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Volume 706: debated on Monday 8 December 2008


My right honourable friend the Secretary of State for Defence (John Hutton) has made the following Written Ministerial Statement.

In July 2007, my right honourable friend the Member for East Kilbride, Strathaven and Lesmahagow (Mr Ingram) was asked to undertake a detailed study into the role of the Ministry of Defence in counterterrorism and resilience. The then Secretary of State for Defence announced its completion in July. This Statement sets out the government response.

The report reinforces a central theme of the national security strategy—that there can be no simple distinction between defence and wider security or domestic and overseas considerations. Counterterrorism and resilience require an integrated approach. Government departments must work ever more closely together and with other stakeholders to overcome institutional barriers, including in respect of funding. This includes defence.

Mr Ingram has looked at the full range of defence capabilities and at all of our linkages with other organisations. In outline, the report endorses the approach that the primary focus for defence’s counterterrorism contribution should continue to be overseas, with any role in the UK restricted to the provision of niche capabilities to the civil authorities or augmentation in times of emergency. The emphasis is on the increasing use of “smart” power to gain strategic insight and intelligence and to develop relationships that enable work across all strands of the Government’s counterterrorism strategy. Within the UK the report concludes that defence should continue to provide specialist support to police forces and that it should be strengthened, including through an enhanced exercise programme.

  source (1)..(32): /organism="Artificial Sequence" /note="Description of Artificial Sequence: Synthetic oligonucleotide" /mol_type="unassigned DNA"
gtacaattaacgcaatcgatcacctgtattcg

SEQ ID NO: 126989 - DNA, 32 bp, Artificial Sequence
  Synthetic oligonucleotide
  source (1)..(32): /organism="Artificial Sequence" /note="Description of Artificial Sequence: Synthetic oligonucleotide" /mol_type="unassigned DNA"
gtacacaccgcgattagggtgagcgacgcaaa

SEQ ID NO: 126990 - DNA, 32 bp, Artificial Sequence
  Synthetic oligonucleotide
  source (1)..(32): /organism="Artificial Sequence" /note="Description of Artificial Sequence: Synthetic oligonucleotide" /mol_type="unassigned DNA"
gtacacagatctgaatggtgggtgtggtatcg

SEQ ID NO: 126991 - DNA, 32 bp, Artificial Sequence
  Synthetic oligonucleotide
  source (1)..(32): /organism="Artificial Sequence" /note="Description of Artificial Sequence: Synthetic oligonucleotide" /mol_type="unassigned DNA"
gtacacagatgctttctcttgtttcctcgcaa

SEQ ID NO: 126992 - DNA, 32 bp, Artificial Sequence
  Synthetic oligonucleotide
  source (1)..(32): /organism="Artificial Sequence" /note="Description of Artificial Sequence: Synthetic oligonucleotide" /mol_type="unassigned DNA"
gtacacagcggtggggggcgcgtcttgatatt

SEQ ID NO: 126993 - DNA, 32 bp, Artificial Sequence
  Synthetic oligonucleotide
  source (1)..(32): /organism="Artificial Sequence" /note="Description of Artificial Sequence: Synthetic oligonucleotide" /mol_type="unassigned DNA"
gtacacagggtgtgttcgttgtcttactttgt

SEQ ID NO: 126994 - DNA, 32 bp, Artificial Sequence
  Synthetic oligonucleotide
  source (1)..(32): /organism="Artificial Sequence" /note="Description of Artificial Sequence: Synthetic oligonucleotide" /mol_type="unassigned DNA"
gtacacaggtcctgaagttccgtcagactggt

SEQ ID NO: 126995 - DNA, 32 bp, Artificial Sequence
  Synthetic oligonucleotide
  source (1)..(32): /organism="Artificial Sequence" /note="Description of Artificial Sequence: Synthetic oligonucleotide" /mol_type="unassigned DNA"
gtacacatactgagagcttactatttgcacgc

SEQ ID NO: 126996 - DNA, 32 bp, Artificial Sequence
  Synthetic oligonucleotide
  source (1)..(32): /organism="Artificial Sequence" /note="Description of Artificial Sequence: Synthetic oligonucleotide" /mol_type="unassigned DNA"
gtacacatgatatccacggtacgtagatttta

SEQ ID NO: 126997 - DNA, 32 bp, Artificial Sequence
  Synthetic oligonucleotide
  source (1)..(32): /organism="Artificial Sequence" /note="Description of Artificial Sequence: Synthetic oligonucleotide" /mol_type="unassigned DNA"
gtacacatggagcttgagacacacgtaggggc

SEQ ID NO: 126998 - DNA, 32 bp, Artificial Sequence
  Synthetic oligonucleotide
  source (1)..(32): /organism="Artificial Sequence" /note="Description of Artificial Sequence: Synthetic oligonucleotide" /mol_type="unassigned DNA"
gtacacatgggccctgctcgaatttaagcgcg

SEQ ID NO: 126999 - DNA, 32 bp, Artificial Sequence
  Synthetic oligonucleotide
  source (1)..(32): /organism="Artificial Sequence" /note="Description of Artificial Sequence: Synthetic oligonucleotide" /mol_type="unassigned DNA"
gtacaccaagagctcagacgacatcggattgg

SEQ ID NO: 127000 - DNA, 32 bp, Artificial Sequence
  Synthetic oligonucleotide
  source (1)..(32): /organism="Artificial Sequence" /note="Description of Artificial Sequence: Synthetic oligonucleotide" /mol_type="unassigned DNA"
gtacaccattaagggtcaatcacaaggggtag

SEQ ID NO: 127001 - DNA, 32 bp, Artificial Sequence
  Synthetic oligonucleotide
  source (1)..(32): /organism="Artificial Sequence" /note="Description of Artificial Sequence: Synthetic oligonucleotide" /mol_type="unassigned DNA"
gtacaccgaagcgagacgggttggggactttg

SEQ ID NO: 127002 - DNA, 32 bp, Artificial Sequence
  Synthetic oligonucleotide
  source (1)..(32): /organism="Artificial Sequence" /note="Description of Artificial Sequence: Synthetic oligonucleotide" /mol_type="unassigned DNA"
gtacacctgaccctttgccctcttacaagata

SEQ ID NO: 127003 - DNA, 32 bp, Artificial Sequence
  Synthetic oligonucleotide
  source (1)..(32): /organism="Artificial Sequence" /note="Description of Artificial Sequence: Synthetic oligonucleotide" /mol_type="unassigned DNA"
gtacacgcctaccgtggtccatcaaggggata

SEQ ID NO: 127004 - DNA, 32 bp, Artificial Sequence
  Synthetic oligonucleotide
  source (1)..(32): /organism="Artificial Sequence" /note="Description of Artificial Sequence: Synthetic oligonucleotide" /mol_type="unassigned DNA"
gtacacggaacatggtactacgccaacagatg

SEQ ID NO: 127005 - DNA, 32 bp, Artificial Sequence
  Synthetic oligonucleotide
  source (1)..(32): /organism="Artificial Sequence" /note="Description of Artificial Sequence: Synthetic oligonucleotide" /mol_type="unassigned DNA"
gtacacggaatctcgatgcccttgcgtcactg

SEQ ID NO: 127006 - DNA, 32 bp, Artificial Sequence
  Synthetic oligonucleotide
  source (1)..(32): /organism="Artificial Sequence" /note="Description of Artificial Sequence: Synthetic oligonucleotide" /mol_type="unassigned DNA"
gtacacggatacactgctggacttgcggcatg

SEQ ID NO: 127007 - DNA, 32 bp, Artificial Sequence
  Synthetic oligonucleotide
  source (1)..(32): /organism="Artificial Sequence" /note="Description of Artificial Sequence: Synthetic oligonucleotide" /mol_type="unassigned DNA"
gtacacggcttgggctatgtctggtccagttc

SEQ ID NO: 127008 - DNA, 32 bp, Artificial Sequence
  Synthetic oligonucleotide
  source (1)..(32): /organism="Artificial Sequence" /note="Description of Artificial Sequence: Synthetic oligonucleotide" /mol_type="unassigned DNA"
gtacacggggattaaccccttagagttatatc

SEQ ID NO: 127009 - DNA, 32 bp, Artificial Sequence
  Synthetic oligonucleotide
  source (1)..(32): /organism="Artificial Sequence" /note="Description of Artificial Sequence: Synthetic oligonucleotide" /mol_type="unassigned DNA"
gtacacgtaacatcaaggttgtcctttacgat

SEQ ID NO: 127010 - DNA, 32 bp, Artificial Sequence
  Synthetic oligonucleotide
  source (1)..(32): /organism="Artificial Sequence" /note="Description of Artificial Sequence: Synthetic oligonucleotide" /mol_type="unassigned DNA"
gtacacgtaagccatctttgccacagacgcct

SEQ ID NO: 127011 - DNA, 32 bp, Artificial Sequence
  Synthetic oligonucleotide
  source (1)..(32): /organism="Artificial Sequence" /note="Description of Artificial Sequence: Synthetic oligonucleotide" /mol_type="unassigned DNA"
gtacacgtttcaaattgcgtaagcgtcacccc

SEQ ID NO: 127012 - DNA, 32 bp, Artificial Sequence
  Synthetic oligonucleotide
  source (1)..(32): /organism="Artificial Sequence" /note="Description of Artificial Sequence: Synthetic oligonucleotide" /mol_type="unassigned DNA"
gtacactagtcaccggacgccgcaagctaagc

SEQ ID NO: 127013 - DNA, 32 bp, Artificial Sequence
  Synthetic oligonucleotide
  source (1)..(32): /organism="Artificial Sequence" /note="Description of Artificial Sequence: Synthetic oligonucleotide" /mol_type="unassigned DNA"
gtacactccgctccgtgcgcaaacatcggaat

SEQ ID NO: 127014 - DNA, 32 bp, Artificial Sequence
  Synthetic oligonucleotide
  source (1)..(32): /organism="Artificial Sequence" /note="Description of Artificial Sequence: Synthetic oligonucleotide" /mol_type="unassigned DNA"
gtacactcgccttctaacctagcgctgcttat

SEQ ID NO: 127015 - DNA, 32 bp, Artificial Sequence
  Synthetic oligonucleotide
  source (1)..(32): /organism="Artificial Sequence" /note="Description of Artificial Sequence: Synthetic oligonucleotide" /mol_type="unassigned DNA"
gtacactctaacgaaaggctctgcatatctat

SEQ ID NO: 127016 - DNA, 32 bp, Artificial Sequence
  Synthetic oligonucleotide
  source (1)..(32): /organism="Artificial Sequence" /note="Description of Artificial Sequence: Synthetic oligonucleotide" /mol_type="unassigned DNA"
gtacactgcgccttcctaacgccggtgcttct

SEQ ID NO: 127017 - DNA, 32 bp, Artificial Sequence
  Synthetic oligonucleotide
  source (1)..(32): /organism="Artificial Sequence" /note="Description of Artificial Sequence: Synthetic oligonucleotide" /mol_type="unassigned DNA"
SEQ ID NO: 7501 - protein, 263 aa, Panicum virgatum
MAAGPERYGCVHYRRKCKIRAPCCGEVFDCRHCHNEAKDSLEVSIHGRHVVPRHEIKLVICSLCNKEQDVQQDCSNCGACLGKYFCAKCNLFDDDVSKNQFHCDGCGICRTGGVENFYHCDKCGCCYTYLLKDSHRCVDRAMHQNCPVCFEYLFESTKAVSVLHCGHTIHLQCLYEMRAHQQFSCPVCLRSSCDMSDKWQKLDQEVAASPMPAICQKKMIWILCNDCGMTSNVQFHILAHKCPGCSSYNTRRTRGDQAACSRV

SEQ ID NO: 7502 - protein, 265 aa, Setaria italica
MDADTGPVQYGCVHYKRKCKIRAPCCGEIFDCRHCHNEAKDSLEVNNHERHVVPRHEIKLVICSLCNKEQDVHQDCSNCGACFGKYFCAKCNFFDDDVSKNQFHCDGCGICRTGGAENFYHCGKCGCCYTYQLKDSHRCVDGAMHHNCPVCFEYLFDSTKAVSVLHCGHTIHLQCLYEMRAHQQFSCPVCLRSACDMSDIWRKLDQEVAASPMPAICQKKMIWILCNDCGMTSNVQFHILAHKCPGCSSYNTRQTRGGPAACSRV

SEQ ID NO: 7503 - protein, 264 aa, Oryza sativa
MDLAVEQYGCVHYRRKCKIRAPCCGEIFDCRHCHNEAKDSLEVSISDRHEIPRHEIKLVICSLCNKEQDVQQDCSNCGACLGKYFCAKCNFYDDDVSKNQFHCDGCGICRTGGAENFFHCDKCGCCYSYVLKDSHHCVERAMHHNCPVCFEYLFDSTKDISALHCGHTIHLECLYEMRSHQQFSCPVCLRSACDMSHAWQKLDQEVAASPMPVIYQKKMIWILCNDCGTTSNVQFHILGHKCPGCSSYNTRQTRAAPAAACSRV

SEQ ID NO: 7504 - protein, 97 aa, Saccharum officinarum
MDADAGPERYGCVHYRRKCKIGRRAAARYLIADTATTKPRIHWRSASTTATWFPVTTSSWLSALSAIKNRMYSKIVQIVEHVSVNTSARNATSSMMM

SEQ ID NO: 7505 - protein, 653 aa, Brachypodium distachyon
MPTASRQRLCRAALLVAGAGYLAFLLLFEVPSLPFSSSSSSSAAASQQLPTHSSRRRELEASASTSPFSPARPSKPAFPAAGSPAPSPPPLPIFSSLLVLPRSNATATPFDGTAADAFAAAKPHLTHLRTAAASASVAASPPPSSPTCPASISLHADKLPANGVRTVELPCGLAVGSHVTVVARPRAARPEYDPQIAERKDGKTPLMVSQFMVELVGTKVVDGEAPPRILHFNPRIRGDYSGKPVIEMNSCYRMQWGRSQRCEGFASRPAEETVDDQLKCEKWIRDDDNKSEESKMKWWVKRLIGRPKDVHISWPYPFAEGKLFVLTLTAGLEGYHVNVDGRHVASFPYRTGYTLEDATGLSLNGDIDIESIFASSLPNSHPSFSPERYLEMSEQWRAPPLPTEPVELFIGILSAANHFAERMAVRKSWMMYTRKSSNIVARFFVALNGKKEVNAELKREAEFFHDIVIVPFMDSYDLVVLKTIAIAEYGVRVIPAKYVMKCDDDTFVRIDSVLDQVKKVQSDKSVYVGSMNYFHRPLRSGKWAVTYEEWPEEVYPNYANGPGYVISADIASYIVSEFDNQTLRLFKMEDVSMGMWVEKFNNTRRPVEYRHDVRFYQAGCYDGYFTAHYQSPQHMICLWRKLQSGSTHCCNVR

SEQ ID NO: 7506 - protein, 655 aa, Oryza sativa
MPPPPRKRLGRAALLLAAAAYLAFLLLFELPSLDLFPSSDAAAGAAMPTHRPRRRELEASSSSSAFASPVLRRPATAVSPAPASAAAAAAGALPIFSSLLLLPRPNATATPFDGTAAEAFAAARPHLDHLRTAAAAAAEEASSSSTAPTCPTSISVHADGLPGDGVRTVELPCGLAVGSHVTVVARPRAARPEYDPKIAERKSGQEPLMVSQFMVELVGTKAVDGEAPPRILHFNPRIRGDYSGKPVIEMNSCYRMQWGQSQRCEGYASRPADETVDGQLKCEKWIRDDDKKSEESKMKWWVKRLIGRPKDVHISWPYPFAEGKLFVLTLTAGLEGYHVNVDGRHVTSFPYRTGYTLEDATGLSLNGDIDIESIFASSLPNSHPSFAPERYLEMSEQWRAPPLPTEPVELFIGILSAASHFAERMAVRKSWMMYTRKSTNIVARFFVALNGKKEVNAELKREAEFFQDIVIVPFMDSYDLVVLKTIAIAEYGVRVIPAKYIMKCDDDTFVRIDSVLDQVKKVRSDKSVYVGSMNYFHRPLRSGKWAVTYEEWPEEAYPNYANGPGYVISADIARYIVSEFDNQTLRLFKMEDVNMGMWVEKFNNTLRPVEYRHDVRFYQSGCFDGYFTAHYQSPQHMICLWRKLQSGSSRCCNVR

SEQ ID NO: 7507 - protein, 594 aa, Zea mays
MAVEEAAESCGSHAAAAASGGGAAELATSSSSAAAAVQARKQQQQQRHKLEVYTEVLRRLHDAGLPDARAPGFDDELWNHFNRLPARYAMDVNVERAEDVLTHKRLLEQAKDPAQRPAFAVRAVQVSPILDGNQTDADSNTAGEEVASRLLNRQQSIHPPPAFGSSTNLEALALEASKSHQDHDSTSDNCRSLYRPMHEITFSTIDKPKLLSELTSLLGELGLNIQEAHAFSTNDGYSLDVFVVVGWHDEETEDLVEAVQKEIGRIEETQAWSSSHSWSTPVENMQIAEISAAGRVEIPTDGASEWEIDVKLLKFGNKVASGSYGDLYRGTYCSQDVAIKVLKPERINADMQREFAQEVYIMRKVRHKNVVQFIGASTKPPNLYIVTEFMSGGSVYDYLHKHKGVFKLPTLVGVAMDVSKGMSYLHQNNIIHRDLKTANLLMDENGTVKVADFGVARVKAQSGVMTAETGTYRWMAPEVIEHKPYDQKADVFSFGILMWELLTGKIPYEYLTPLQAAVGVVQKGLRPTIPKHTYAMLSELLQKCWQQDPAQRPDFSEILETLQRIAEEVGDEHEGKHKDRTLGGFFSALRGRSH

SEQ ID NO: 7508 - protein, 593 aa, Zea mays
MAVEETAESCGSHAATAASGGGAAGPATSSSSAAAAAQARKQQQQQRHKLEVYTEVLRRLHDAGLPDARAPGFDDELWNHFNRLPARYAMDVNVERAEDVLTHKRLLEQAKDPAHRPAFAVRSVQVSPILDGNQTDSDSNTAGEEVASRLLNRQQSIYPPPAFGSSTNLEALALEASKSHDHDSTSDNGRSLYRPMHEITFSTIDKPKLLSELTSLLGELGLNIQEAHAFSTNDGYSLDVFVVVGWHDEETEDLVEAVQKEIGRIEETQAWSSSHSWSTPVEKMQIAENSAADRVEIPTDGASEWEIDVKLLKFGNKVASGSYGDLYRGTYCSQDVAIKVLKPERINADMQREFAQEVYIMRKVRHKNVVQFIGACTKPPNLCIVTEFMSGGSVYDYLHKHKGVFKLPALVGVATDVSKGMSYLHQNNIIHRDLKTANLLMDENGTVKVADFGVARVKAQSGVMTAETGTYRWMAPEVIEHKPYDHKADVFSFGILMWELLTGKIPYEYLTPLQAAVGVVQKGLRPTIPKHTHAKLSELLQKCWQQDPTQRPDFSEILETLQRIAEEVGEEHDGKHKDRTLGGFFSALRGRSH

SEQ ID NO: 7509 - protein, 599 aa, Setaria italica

The study has found that we could make more of some of our strengths, such as in strategic planning, education and research and development. In that context, we may have more to offer on protective security and planning support on security for the 2012 Olympic Games.

I welcome and agree in principle the 29 recommendations outlined in the report. They complement the development of a classified defence capabilities compendium that we have provided to those who may call on support from defence. The recommendations will be implemented across government, co-ordinated and developed where necessary by the National Security Secretariat. The security classification prevents us from publishing the report in full, but the Defence Committee has been given access to the report as part of its inquiry into national security and resilience.